Or maybe it's the 'author/split-personality thing: Introvert by nature, but extrovert while promoting??

Regina Carlysle said...

I have to admit, I'm pretty uncomfortable in big crowds. A party where I hardly know anyone??? That just freaks me the hell out. I really prefer one on one conversation and maybe that's why I don't really mind book signings all that much. I really DO love talking to readers. So I guess it's a mixed bag for me. If I had to speak in front of a "live" crowd, I would be paralyzed with fear yet put me on an on-line chat and I'm okay. There is a certain safty in that, I guess.

In the end, I guess I really enjoy the on line stuff more than anything. No, I'm not particulary shy. No, don't laugh!!! My friends would say I am most definitely an extrovert but deep in my heart, I'm kind of shy.

Congrats on the new release, Brenna. The story sounds wonderful and perfect for the holidays.

Hart Johnson said...

Great point! It's funny, because my marker for 'greatness' as a writer has always been when Diane Rehm has me on for an author interview, but the idea of just a question/answer scares me to DEATH.

My online persona is a little outrageous... Naked World Domination and all that, but in real life? I love parties and social situations, but it is because I am a people WATCHER. I usually have quiet conversations from the sidelines.

I can do a formal presentation pretty well if it's rehearsed, but I am slow in my speech--my responses are more thoughtful, rather than quick and witty, so free form scares me--even the idea of the one-on-one like at a book signing--totally terrifies me.

Madison Scott said...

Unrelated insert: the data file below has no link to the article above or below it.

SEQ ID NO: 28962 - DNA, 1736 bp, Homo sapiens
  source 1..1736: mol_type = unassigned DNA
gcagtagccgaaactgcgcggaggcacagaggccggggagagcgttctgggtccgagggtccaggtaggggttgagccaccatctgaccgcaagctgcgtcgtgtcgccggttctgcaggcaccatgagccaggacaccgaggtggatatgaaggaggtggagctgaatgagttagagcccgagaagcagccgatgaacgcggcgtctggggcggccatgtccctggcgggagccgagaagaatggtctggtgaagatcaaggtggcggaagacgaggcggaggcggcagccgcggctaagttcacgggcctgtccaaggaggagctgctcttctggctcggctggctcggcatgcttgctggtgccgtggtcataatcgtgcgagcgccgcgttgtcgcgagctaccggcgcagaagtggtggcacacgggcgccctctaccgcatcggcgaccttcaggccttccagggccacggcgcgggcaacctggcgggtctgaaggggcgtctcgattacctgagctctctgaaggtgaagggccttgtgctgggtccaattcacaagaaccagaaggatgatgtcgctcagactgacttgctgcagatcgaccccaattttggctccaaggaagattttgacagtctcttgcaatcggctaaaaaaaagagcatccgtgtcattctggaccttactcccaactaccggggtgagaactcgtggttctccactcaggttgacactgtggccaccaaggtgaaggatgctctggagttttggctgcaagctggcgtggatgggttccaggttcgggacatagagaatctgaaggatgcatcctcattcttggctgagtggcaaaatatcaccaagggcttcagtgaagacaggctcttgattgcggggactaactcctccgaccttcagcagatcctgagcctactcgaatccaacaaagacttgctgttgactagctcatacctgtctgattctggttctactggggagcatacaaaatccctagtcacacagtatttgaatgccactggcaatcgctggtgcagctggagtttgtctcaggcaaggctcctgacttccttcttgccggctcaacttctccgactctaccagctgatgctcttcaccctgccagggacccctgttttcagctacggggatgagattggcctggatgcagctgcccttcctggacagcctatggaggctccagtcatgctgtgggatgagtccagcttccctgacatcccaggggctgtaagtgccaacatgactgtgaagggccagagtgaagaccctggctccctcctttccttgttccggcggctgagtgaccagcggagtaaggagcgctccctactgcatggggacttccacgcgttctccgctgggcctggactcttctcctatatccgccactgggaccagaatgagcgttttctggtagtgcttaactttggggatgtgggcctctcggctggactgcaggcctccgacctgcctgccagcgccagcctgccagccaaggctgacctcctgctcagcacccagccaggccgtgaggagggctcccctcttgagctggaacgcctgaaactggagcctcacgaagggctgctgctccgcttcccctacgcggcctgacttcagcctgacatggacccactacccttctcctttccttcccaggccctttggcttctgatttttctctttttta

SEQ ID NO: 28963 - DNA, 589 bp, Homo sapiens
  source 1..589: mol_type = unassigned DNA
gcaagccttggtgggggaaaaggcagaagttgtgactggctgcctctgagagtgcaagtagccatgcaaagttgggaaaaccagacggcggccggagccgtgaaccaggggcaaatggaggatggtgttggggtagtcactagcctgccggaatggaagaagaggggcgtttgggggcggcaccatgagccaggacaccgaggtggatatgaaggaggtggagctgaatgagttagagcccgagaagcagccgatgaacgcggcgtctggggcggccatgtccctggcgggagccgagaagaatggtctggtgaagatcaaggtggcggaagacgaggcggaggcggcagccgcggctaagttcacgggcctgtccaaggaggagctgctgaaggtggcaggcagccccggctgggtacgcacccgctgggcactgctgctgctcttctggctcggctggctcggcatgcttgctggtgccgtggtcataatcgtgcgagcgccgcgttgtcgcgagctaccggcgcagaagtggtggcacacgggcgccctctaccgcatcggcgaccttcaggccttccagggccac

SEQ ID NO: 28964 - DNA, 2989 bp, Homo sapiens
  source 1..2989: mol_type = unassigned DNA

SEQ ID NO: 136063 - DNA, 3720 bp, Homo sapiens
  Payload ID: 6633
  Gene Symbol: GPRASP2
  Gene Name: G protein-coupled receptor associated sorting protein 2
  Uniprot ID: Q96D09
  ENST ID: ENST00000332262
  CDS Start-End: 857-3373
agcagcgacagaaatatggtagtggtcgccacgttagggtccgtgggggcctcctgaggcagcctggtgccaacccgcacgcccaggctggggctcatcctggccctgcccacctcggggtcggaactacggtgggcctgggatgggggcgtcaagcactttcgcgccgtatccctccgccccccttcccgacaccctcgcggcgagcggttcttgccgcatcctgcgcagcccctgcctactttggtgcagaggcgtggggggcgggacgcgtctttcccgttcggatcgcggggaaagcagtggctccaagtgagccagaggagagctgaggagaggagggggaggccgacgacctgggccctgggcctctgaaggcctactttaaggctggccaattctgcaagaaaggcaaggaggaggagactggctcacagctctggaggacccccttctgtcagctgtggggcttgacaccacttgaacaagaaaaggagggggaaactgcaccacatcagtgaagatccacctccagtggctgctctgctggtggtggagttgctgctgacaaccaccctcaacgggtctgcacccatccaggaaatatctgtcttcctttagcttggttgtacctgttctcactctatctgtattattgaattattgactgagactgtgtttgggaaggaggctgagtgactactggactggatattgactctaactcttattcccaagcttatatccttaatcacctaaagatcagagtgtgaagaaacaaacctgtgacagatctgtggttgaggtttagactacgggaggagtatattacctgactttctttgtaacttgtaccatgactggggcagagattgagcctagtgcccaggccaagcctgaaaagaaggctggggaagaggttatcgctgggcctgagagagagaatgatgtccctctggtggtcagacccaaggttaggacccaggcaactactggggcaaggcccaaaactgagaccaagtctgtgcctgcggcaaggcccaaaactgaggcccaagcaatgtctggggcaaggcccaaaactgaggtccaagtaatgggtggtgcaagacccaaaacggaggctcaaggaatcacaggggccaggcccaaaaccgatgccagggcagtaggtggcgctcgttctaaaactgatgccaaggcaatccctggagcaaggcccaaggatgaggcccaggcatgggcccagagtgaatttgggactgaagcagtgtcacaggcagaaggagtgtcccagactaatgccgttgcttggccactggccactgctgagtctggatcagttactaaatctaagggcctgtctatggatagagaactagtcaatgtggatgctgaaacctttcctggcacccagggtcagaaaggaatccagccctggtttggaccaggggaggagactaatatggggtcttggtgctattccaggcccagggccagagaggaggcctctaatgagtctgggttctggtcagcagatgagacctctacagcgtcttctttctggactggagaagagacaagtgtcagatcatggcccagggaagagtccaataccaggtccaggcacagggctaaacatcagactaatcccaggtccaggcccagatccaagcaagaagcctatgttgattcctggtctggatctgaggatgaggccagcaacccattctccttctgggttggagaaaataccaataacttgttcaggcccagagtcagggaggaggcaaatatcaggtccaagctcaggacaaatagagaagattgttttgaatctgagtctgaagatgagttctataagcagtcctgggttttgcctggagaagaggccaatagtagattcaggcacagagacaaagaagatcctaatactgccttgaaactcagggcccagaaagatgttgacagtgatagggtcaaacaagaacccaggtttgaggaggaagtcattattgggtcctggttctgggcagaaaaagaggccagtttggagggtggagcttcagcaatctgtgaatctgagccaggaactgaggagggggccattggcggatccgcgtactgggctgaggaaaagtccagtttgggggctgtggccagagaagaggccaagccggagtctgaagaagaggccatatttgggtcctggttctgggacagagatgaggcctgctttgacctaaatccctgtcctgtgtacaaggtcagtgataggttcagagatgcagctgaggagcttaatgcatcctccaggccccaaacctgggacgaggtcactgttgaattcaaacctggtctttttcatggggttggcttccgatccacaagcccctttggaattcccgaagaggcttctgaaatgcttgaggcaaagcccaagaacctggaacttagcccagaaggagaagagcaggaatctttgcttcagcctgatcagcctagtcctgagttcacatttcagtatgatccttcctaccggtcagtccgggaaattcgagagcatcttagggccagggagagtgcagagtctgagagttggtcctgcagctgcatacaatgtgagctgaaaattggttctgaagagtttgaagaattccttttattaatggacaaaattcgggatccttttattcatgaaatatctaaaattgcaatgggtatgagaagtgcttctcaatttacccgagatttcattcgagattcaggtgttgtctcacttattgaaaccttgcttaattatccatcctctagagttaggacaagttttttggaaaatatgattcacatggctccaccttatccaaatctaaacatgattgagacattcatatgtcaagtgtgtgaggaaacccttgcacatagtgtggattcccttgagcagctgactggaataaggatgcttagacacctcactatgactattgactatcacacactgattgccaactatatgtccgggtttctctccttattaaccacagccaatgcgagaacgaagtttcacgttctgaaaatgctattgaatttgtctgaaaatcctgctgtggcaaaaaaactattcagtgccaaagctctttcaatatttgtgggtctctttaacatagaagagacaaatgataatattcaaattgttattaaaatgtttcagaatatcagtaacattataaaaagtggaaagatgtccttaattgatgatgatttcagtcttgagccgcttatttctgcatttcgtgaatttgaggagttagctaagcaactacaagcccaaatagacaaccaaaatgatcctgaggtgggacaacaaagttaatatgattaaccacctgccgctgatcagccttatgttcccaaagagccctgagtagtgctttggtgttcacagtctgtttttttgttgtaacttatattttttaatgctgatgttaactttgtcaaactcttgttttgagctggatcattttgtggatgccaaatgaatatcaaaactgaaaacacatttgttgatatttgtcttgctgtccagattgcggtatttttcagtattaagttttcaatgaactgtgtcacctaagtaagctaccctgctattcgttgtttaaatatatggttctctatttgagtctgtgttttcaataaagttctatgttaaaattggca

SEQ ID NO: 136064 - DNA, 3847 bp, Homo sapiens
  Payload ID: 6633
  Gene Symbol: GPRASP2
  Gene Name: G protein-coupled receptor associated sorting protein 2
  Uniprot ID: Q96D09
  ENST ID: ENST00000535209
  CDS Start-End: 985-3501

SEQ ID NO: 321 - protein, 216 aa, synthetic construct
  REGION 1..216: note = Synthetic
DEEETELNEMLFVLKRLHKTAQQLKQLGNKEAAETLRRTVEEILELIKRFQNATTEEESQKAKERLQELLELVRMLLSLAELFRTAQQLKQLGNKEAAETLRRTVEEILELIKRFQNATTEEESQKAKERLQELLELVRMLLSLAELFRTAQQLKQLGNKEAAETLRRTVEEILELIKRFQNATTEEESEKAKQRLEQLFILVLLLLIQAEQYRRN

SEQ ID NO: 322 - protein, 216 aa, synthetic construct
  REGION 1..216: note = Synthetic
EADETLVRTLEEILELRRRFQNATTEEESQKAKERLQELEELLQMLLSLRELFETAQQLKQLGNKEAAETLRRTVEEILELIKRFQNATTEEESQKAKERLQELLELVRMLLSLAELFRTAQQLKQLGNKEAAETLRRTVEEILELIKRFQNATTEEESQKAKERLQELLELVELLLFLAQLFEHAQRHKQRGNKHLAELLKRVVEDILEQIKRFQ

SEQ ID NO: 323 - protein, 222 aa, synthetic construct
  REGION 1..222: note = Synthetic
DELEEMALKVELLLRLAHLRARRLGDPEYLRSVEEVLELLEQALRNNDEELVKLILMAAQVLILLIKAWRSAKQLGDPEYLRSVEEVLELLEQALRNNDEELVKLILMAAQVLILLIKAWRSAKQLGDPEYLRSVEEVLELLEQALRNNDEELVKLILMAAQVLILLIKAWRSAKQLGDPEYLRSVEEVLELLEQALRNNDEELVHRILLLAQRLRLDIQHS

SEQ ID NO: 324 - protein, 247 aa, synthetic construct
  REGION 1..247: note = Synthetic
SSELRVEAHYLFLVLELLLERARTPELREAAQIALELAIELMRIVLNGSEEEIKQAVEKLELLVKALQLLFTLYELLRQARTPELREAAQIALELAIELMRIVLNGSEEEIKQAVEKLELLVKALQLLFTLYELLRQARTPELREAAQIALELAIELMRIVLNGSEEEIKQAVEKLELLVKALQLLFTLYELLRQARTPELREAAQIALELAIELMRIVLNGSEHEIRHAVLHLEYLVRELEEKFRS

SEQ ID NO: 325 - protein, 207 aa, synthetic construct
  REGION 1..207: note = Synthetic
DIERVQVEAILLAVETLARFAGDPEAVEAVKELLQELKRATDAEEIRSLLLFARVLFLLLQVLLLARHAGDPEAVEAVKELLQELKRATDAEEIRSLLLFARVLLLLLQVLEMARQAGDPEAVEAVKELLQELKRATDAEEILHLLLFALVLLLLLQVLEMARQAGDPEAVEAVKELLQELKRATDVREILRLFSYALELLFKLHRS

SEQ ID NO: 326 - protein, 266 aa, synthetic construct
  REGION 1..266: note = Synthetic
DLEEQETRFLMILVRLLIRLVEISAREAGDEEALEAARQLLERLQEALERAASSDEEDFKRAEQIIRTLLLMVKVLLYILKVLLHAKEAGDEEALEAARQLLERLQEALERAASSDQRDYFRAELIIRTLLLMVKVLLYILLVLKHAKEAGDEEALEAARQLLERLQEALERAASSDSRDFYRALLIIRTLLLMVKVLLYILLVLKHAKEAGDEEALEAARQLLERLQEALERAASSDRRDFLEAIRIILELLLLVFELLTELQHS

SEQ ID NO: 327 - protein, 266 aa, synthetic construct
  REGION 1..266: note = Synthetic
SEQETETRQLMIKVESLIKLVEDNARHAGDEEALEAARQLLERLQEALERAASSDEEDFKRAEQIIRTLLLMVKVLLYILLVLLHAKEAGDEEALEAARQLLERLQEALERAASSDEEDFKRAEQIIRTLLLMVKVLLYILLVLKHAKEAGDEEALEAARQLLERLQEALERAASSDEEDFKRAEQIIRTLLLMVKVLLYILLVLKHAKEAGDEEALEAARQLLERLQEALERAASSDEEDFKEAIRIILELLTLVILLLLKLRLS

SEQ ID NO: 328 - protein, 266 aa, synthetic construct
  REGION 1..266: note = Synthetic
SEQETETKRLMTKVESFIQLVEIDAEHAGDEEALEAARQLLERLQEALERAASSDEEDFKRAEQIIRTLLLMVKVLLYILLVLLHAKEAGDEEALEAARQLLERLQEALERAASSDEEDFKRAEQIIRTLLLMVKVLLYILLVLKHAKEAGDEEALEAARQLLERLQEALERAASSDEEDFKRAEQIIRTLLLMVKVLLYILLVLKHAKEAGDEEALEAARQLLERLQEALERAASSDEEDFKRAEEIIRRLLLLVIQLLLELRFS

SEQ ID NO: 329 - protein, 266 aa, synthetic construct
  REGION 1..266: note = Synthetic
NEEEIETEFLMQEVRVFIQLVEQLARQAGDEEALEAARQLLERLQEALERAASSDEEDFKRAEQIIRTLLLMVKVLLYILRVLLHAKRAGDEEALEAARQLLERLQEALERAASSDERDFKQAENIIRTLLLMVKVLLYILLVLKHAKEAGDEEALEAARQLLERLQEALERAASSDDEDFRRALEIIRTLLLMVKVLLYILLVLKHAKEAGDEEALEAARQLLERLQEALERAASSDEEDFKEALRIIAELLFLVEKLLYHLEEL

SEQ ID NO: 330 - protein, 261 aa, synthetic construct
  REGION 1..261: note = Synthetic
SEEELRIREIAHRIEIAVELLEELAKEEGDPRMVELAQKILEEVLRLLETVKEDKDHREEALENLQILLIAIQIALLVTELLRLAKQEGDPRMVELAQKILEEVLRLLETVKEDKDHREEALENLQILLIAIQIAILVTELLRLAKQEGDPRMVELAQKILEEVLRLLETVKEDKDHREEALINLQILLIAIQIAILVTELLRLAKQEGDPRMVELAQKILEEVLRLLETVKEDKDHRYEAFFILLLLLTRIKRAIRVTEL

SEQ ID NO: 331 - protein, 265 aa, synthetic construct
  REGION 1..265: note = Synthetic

YOu know it's funny because I consider myself more shy and introverted but often tell me the opposite. I don't know if I'm wrong or just good at playing something I don't feel like I am. LOL.

Thanks for blogging with us!

Madison Scott/Kelley Nyrae

BrennaLyons said...

Nodding. People say the same thing about me. Most people assume I'm an extrovert, but I'm really not.

I like one-on-one conversations and tend to hang back at big events until there's a chance for one.

Oh, and thanks again for having me today!


BrennaLyons said...


Good point on the split personality thing. When I did theater (part of my attempt to desensitize myself to talking in front of crowds), I used to pretend I was the character to get through it. Maybe I'm putting myself in the mindset of "Now is author time?"


Juniper Bell said...

Thanks for blogging about this topic! I know some extrovert writers, but it's rare. I have to force myself into social situations, whether online or in real life, but I find I usually enjoy it once I'm there. But it's draining ... and then I need some time to myself to recover. ;)

LauraGuevara08 said...

Hi Brenna,
I could be in the running for that Oscar. I really am shy, introvert in person. I am scared sensless of having to speak in public. But in chat rooms or one-on-one I do so much better. It take me awhile to warm up to people so it's not that I'm antisocial, as one of my aunts once called me, but I just can't just jump in and be the life of the party.

Congrats on the release, will be adding to my TBR pile.